MadSci Network: Zoology

Re: How can I protect a wren nest in a planter from house cat predator?

Date: Fri Aug 4 09:15:50 2000
Posted By: Steven Williams, Staff, Special Education, none
Area of science: Zoology
ID: 964966184.Zo


Moving the nest higher, out of reach of the cats, is a good idea.  Just 
don't move it to far from it's original location or they may get confused 
and abandoned the nest. I don't think the chicken wire is a good idea as 
the cats may be able to climb it to get to the nest.  If the wrens feel 
safer with the location they will stay and raise the chicks.

However, there is another problem you may need to overcome.  When the baby 
wrens reach a certain age they may attempt to leave or fall out of the nest 
when testing their wings.  At this point they are not very good at flying. 
 Eventually, all the chicks will be out of the nest and in the immediate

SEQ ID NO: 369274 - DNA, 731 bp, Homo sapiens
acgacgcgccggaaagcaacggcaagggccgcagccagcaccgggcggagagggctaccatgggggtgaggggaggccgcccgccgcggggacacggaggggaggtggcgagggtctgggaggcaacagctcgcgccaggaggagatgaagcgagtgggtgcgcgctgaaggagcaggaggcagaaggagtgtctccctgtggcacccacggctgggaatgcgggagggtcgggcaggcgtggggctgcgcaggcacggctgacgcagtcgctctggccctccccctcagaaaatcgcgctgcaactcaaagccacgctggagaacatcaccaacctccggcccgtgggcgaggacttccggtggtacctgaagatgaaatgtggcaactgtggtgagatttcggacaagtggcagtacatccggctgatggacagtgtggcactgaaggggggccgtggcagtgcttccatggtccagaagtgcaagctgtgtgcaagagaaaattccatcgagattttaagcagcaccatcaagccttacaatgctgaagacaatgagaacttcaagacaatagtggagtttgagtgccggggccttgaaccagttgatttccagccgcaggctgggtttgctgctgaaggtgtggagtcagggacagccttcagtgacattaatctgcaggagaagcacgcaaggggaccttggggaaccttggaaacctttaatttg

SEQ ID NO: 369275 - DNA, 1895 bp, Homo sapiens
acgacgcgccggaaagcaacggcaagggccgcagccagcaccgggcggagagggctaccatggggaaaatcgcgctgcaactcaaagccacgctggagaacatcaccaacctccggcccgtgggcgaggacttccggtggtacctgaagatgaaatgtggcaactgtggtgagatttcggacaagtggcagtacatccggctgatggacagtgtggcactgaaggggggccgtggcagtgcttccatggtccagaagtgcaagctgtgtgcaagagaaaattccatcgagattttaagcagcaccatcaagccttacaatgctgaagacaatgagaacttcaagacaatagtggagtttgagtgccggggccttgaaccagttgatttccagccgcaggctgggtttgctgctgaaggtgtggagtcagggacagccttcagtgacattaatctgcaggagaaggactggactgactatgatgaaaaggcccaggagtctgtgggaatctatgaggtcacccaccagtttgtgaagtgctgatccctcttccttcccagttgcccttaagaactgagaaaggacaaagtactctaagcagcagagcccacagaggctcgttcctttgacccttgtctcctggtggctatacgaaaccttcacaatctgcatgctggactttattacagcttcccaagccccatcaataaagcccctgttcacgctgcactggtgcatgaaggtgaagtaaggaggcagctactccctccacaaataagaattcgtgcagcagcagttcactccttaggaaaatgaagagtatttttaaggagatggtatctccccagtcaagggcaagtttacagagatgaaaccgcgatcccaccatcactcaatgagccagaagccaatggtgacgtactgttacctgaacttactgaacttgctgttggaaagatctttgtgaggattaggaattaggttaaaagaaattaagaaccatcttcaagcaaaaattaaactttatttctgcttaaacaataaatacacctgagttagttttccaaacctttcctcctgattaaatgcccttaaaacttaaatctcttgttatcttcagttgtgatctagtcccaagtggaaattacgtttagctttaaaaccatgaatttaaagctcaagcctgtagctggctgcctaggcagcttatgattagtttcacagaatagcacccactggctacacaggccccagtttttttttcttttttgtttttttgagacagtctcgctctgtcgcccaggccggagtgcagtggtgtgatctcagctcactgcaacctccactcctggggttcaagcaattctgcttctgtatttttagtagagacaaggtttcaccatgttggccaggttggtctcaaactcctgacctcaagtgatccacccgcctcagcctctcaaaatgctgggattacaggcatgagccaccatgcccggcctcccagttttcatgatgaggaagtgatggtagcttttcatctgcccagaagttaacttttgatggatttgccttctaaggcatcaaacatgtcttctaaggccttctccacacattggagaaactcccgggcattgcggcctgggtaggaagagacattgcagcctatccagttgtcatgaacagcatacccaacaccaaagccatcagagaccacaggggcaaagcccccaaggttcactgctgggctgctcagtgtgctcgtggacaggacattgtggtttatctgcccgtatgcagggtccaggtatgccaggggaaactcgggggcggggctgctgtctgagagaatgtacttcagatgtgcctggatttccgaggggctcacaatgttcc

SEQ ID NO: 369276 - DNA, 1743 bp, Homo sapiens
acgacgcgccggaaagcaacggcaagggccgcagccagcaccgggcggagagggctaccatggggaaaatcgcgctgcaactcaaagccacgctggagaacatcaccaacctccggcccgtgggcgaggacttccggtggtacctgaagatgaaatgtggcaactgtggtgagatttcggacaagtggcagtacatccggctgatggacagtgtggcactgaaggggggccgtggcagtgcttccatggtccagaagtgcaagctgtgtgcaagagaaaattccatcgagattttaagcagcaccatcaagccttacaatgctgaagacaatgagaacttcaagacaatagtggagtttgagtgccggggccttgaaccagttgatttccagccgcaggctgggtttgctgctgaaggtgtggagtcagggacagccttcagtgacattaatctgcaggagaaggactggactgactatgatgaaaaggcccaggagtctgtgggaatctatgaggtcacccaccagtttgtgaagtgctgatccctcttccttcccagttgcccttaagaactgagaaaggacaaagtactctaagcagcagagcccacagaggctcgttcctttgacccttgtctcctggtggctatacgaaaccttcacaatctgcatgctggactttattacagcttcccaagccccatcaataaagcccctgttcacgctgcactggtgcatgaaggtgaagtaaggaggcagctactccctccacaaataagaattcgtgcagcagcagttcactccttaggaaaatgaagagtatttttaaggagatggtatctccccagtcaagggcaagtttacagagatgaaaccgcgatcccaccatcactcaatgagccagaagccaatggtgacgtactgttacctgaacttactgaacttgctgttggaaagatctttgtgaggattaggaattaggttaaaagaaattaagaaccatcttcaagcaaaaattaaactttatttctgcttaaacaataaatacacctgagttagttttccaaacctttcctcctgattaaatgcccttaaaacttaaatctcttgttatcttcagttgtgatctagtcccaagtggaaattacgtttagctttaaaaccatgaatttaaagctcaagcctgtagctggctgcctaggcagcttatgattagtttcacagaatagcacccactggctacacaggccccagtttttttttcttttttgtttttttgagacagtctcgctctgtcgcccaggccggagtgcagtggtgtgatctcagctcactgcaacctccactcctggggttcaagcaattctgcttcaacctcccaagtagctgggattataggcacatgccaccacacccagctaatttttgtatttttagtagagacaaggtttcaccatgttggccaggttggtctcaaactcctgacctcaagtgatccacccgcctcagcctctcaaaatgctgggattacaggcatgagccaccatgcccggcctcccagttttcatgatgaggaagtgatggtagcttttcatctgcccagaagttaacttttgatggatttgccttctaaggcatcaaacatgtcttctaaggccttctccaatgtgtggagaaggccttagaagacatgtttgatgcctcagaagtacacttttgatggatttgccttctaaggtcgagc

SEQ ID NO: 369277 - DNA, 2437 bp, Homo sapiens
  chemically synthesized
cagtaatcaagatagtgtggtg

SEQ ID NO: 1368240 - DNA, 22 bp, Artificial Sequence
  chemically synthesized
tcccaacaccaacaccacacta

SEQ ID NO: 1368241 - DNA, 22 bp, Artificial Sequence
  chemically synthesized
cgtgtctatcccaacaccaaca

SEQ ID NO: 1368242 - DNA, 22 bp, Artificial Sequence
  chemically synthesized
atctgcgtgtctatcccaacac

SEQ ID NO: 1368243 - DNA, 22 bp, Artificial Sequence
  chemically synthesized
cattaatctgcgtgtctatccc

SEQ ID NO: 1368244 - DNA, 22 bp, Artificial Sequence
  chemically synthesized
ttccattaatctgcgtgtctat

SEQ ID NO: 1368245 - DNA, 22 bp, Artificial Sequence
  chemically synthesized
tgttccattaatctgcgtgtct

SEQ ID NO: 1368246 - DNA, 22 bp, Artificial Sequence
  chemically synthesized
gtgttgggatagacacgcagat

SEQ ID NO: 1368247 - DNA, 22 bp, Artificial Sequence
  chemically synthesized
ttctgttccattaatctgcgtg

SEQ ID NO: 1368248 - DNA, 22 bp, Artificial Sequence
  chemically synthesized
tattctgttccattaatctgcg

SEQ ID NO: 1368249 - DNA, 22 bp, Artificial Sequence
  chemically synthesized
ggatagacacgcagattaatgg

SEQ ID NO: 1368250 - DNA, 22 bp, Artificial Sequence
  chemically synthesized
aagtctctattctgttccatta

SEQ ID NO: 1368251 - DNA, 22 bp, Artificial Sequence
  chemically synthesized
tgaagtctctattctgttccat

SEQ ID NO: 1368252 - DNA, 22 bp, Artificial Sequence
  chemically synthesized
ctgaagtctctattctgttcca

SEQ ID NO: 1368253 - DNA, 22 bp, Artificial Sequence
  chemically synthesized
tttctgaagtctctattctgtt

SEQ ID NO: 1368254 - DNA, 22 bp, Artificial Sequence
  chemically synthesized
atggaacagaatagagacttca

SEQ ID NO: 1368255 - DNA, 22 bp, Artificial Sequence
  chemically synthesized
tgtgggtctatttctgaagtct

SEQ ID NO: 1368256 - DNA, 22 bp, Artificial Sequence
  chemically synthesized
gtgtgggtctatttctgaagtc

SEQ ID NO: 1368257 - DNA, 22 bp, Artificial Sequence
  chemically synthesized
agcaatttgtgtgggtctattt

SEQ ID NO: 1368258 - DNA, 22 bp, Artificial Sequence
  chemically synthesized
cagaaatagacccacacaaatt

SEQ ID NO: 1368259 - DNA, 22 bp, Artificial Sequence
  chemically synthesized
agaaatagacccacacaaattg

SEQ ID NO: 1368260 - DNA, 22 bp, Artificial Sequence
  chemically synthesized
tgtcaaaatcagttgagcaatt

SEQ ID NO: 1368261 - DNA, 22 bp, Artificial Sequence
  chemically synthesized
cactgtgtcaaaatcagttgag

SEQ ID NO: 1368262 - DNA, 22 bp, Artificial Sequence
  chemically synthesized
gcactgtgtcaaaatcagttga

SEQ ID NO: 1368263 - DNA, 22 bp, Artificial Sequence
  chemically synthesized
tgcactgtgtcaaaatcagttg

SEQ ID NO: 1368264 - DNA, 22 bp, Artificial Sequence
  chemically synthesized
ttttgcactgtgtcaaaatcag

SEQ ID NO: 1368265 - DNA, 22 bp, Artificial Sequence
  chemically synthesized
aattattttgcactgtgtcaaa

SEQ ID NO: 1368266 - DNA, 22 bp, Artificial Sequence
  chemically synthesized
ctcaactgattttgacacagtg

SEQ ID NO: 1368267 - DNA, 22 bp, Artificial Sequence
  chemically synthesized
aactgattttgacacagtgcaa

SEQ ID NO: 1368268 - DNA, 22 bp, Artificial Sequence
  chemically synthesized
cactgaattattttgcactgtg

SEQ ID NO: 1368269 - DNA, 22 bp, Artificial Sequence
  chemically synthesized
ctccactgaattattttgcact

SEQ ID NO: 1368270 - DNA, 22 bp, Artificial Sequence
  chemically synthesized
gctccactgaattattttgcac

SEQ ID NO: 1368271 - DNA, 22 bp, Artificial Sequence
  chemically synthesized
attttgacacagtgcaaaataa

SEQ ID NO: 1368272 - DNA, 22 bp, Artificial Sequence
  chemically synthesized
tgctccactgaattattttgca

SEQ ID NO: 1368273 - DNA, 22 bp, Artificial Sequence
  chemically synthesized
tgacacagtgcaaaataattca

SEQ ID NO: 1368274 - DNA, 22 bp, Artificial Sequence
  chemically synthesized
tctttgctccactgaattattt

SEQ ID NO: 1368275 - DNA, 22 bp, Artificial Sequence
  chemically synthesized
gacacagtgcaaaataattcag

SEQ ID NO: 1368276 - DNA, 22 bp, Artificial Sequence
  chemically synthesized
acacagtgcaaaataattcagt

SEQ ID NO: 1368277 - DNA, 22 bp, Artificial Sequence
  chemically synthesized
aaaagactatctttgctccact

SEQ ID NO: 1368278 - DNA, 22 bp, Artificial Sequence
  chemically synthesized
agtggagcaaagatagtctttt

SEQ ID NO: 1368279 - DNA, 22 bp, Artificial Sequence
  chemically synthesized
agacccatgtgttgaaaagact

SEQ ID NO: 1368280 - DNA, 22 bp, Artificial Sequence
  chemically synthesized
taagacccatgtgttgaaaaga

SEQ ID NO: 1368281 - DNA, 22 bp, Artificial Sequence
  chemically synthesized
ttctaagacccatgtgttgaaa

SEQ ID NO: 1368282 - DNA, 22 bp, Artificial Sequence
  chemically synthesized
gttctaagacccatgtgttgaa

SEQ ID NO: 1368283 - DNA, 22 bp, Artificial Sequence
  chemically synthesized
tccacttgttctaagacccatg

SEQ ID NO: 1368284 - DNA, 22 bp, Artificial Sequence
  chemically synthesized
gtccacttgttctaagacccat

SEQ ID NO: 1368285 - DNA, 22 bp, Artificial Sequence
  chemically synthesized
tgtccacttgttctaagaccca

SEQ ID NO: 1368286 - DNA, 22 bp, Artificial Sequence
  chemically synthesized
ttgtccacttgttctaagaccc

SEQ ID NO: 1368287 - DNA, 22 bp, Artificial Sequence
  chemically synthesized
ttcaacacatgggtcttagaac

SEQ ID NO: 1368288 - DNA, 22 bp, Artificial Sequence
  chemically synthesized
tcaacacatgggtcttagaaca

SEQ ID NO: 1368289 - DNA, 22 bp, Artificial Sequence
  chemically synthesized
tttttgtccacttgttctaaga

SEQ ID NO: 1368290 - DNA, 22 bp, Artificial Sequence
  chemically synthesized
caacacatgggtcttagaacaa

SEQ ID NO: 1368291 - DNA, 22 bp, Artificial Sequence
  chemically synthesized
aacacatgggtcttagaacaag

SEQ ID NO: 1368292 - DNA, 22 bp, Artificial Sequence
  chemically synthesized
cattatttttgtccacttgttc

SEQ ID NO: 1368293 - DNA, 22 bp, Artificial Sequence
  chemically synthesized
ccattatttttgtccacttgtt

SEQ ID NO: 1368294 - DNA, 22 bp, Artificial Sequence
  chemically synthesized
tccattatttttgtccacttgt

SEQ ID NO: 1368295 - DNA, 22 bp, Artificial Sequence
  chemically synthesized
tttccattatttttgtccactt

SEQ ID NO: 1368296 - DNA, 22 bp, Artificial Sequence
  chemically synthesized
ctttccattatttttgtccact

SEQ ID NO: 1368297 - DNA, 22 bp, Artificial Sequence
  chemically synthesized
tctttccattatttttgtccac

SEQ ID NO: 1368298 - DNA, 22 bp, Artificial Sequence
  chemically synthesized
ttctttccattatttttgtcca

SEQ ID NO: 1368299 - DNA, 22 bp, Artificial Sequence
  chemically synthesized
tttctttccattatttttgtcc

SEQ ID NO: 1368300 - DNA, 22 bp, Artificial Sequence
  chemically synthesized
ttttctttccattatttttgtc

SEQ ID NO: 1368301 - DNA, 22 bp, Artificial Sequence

area.  The parent wrens will feed the fledglings on the ground and 
surrounding bushes as the babies are taught how to find food on their own. 
 While this is a normal part of rearing the young, this is when they will 
be at thier greatest risk of predation.  Knowing you have a couple of eager 
predators (your cats) ready and waiting for this opportunity the wrens are 
at even greater risk.  

The only way to overcome this danger is by keeping the cat's indoors until 
the wrens have fully fleged and become strong fliers.  This may take only a 
few days after they leave the nest.  The wrens will most likely be eager to 
move the fledglings out of the area and far from your cats anyway.

Another suggestion is that you contact a wildlife rehabilatator in your 
area for additional assistance.  You can find rehabilatators by calling 
local vetinarians or animal hospitals. They usually maintain phone numbers 
to people in the area who are trained in rescuing wildlife.  Be prepared 
for the rehabilitator response to be, "Just leave the nest alone and let 
nature take it's course".  This is usually sound advise, however cats are 
not a native predator, so there is nothing natural about this situation.   
 Make a few calls.  Rehabilitators are often overwhelmed with animals and 
recieve no compensation for their work and efforts.  However,if there are 
no other options, you may find one who will take and fledge the young wrens 
so they will not have the added danger of the cats.

I hope this information has been helpful.  Good luck.


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